Northern Wilds Magazine
Points North

Points North A Tree for Christmas and Dreams for the New Year

By Shawn Perich

If you drive along Highway 61 at dusk in early winter, you’ll often see grouse fly across the road. They are heading to their roosts, likely deep within the sheltering bows of a conifer, after feeding on birch and aspen catkins or mountain ash berries. Tonight I saw two of them during a 20-minute drive.

Some folks told me last fall was a good one for grouse hunting, but I don’t know. My autumn was devoted to care-giving and then grieving. Among other, infinitely more important events, 2014 will be noted as the first year since childhood when I didn’t shoot a ruffed grouse or catch a brook trout.

But 2014 will not go down as the year I didn’t have a Christmas tree. Every year, Vikki and I would head out into the woods to find and cut a symmetrical balsam, and then bring it home to be trimmed with dozens of ornaments, including family heirlooms dating back at least a century. Mostly the tree was for our enjoyment, because we always left home to celebrate Christmas with family.

We usually came home on Christmas night. After unloading the vehicle and starting a fire in the wood furnace, we’d make a couple of hot Tom and Jerrys and open our gifts to each other and the dogs. We always said it was the best part of Christmas. I think the dogs agreed.

I say this because dogs, though they may not know the true meaning of Christmas, very quickly catch on to the tradition of gift giving. Since I was a kid, my family has always wrapped simple presents for the family dog. Every dog I’ve known would check out the array of gifts beneath the tree and invariably find the ones intended for them. This includes my current dog, Tanner.

This got me thinking. Tanner is awfully lonely in our now quiet house. He undoubtedly could use some Christmas cheer. So could I. In the next day or two, we’ll go out in the woods and find a small balsam. Then we’ll bring it home and string a few lights on it. I’ll hang a few ornaments, too. When we return from our Christmas travels, Tanner will find a wrapped gift under the tree. Maybe I’ll have a Tom and Jerry.

Christmas, of course, is quickly followed by the New Year. While I’ve never been much on New Year’s celebrations, I like to make a mental list of outdoor stuff I hope to do in the coming year. But what will be on the list this year? I’ll likely have more time to spend out in the woods and on the water. Maybe I’ll have time to head West or North (or Northwest) for a week or two. I’d really like to scratch my fly-fishing itch on western waters or spend a couple of days on the Pacific Ocean fishing for salmon and halibut.

If gas prices remain low, this will be a great year for road trips. I wouldn’t be surprised if some of the more distant Minnesota destinations, such as Lake of the Woods, are already noticing some extra traffic. For me, this might be a good year to return to the Black Hills and hunt spring turkeys. Or maybe I’ll try hunting one of the later Minnesota seasons, when you can buy a tag over the counter.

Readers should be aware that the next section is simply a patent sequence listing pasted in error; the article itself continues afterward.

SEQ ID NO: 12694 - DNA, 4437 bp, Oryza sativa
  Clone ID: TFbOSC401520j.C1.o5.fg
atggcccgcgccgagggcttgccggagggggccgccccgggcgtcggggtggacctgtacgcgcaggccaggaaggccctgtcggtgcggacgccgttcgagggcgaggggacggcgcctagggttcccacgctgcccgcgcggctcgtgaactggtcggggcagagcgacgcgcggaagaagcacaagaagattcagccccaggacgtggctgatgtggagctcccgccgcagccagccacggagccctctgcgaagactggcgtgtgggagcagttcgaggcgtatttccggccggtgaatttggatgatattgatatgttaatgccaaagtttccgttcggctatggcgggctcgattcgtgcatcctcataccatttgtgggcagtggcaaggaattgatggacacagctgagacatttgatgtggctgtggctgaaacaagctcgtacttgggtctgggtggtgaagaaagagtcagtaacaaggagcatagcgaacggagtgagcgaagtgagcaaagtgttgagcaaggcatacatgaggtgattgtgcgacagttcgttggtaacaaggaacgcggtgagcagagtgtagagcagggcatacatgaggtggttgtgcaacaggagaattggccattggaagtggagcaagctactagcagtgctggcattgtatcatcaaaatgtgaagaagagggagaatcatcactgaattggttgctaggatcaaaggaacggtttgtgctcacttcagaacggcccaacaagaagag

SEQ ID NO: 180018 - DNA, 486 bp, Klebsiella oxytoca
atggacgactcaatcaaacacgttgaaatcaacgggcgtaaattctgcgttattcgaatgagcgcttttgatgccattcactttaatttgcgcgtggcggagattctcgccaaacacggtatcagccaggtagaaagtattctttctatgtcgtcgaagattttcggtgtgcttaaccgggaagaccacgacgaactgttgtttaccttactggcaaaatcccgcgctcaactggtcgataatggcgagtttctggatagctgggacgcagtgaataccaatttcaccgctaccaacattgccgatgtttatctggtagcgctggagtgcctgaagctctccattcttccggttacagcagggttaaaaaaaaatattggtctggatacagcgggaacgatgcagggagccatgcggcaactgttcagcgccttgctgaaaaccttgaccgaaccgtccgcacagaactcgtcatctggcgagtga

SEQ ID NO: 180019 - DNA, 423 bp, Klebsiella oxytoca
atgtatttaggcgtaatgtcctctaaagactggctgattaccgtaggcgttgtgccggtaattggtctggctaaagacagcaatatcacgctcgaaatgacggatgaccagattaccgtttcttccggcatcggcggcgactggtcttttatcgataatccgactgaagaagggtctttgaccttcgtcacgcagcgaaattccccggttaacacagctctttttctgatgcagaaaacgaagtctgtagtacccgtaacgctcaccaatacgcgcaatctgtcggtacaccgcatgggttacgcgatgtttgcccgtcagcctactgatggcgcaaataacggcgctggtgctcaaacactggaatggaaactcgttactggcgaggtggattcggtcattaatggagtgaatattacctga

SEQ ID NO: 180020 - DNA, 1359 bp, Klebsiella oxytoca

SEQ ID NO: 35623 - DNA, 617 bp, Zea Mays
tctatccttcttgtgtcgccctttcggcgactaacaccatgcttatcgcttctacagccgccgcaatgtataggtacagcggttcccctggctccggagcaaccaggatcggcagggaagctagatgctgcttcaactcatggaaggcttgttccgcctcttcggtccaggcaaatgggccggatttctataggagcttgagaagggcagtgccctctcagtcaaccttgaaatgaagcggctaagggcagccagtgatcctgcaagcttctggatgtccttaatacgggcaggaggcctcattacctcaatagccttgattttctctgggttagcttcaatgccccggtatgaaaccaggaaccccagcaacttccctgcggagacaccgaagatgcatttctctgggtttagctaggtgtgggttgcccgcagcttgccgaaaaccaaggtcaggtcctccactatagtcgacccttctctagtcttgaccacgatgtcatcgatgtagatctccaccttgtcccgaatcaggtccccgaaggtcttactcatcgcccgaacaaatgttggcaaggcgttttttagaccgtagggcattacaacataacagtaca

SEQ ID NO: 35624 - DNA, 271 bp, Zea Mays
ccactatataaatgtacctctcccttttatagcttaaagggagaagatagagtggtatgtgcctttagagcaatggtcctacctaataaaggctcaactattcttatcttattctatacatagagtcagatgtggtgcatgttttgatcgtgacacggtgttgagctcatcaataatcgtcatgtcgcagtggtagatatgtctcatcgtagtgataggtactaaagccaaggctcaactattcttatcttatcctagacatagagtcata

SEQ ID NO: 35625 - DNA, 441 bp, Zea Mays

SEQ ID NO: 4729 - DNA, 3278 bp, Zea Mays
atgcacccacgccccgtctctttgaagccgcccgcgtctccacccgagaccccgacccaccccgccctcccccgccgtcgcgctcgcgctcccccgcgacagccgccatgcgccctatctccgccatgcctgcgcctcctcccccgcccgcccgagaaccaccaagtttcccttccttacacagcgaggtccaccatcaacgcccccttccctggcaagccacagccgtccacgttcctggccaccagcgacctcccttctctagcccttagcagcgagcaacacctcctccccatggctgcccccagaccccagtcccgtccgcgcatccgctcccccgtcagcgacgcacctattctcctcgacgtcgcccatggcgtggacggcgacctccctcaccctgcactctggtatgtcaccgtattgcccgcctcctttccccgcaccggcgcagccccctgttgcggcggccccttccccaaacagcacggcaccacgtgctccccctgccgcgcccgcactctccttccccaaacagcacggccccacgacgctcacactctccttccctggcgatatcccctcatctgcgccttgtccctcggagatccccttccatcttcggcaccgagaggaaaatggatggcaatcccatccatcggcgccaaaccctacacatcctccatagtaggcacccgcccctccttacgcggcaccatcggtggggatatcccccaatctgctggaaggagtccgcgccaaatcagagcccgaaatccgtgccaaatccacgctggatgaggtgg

The trouble is turkey hunting always conflicts with my spring steelhead fishing, a more close-to-home passion. Breakup, and thus the North Shore steelhead run, came very late the last two years. Unfortunately, my free time to fish was in early May. When the big runs came in later in the month, I was busy with work. If we have a “normal” spring this year, I hope to make up for some lost time on the rivers.

While I always have big plans for going here and there to fish for this and that when the fishing season opens, my garden always gets in the way. The goal is to get as much of the garden planted as possible before the black flies come out in force. Some years I make, some years I don’t. Either way, fishing takes a back seat to planting. But never fear, my appetite for fresh fish will get me out on the water.

I’ve resolved to catch some brook trout in 2015. Hopefully, my catch will include Lake Superior coasters, stocked trout from an inland lake and wild brook trout from north Shore creeks and beaver ponds. Next year marks the 100th anniversary of Dr. Cook’s 14.5-pound world record brook trout from Ontario’s Nipigon River. Some friends of mine up that way are planning a little celebration. I hope to join them, mostly for the fishing. Restoration of the river’s fishery allowed the Nipigon to become the most accessible trophy brook trout fishery in North America. If you’ve always wanted to catch a five-pound brook, this is the place to go.

Another summertime goal is to catch lake whitefish on flies. I got one last summer and it was the high point of my fishing year. This summer, I plan to put a focused effort into being in the right place at the right time, because whitefish come to the surface to feed on a mayfly hatch that lasts just a week or two. I’ll have to be careful to not become sidetracked trying to catch trout on other waters.

About the time the hatch ends, the fishing heats up on the cold waters of Lake Superior. Last summer, I was able to get out just enough to bring home a couple of meals of salmon and lake trout. Maybe this year I’ll make up for lost time. Then again, maybe I’ll find enough time in my schedule to head West for some more fly-fishing. Montana has some rivers that I’d like to explore.

I ought to be fished out by the time the September grouse opener comes around. So will my fishing buddy, Tanner. We’ll hit the woods and make up for lost time. While we won’t forget the sad events of last summer and fall, we’ll do our best to move on.

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